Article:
Here's a little rendering test of a chrysalis design I did which I think turned out decently. This giant snippet explains the Ueptael Chrysalis:
"The Ueptael do not sleep in the conventional sense, they lack a specific schedule of activity and inactivity. They do however lie in a semi-dormant state for short to medium periods of time if they are particularly low on energy, although in this state they typically remain aware of external stimuli. The only time a Ueptael is completely inactive is during their hibernation period. These sequences run on a cycle of one to six years, varying by individual and changing in frequency as one ages.
During the onset of a hibernation cycle, a Ueptael begins to excrete a silica rich fluid from glands all across the body. This fluid later reacts with enzymes released by the Ueptael which causes it to solidify into a glassy protective shell. The completed chrysalis becomes firmly rooted to the ground and surrounding surfaces, insuring that the chrysalis is not moved or tampered with while the Ueptael lies in hibernation.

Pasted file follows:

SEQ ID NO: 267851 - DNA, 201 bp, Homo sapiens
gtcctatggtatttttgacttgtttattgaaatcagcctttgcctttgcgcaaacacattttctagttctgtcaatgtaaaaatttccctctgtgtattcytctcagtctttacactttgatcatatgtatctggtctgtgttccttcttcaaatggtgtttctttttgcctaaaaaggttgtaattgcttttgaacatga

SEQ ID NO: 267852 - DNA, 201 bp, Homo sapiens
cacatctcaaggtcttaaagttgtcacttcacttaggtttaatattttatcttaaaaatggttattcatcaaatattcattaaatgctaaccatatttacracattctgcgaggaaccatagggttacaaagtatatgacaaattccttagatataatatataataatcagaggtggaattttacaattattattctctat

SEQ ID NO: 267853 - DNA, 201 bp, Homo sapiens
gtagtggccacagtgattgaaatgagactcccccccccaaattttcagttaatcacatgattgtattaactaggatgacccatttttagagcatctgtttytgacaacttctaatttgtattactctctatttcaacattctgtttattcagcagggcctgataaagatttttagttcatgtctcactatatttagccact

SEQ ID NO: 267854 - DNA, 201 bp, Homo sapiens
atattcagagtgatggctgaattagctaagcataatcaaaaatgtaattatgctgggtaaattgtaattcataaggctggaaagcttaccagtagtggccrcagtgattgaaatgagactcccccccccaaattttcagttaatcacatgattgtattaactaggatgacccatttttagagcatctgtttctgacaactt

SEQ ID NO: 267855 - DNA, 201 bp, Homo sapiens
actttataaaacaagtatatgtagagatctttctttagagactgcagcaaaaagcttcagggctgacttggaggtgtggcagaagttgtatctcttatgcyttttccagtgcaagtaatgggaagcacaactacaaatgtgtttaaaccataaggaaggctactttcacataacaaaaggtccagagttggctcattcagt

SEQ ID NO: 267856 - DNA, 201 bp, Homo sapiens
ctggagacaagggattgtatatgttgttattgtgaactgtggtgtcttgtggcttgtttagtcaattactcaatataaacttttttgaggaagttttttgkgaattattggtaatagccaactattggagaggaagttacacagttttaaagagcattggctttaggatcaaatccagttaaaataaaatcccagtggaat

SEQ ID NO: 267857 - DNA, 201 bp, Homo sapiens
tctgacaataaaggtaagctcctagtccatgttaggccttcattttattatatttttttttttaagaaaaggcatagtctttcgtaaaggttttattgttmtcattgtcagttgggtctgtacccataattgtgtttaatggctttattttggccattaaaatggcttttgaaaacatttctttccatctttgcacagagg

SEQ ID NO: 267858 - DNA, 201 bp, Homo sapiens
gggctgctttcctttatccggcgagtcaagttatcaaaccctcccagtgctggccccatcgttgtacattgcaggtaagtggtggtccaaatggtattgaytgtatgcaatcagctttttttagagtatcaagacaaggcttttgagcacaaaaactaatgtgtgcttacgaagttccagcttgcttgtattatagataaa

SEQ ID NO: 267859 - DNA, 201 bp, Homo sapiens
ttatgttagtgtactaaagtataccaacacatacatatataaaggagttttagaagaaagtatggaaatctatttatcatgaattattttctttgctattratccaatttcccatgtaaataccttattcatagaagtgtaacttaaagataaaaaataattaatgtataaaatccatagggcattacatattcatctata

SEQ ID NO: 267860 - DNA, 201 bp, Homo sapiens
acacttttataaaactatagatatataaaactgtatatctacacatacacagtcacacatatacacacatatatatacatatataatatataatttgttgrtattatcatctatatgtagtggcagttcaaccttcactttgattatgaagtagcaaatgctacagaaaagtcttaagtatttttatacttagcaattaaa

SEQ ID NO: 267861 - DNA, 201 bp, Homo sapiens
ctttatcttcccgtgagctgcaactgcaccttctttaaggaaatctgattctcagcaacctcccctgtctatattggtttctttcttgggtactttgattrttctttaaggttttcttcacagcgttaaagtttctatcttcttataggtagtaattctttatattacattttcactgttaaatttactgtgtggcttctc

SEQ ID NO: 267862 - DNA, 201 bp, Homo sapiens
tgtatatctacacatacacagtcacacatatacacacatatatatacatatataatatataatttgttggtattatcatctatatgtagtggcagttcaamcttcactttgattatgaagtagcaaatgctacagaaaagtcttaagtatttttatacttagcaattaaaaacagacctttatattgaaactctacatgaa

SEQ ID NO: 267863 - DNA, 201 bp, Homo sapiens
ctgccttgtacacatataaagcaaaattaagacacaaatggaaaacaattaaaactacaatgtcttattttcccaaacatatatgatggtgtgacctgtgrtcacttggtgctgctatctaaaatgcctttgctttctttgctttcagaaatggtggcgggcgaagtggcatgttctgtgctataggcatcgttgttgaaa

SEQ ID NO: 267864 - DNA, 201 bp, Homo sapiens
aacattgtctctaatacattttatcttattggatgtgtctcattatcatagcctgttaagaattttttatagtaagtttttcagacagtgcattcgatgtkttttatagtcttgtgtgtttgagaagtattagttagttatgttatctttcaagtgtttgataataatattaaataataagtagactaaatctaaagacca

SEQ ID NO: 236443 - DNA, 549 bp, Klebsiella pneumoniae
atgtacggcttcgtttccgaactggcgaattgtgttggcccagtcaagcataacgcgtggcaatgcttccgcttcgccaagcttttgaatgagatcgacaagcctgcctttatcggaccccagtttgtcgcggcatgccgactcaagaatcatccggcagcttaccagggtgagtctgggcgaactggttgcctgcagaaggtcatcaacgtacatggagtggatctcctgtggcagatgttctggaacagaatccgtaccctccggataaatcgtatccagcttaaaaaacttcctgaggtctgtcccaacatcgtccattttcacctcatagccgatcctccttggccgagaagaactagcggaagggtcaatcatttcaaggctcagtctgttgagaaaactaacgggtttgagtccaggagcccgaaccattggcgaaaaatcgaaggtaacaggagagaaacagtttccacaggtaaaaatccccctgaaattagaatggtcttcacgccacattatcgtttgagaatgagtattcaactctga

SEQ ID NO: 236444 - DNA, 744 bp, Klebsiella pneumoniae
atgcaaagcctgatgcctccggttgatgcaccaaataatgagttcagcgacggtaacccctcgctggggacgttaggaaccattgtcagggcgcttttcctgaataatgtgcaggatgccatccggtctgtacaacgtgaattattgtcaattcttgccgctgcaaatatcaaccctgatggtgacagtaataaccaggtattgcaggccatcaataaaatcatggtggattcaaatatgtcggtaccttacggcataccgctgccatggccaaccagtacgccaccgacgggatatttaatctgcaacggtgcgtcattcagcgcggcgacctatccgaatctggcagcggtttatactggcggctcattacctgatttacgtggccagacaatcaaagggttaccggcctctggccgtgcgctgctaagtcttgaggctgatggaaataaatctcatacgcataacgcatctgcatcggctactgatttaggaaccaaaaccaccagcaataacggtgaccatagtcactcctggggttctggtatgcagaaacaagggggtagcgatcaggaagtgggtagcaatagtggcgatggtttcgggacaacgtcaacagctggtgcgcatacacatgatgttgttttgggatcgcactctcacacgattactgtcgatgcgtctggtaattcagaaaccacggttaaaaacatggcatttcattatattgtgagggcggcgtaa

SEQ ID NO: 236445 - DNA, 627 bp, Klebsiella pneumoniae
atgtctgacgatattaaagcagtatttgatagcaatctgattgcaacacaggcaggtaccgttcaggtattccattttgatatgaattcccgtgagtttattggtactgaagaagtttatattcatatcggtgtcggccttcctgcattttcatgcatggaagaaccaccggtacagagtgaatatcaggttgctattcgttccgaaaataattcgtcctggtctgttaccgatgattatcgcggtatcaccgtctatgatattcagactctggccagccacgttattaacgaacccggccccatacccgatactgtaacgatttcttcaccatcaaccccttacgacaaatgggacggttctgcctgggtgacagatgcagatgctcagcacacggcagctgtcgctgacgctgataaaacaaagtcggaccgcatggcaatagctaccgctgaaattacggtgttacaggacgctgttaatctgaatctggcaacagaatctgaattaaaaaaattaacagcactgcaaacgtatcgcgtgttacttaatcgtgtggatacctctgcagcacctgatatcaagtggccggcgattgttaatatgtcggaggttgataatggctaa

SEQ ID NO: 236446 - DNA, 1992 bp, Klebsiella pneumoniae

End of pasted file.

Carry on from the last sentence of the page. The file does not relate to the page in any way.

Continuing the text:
Over the course of the Ueptael's hibernation, all movement and active consciousness ceases while the circulatory and immune systems go into overdrive. The unique and powerful immune-circulatory complex of the Ueptael works to repair internal and external tissue groups, while also destroying and recycling defective tissues, cancers, pathogens, and parasites. Over a process of several weeks or months, the physical health of the Ueptael increases dramatically as any traces of illness or damage are erased. The intense recovering processes enabled by their hibernation sequence is believed to be the lead factor in the species' extended lifespan.
Once the hibernation cycle is complete, catalysts are released by the Ueptael which soften the glass-like chrysalis and allow them to emerge. This commonly results in the shedding of several layers of skin, the refuse material being left adhered to the sides of the shell. The Ueptael also leaves behind a thin mat of wasted materials which combines with the shed skin to form a "ghost", a rough amber outline of the former occupant. This outline has often been sought as an artistic item due to its delicate and strangely beautiful qualities, although they have a tendency to disintegrate when exposed to open air. "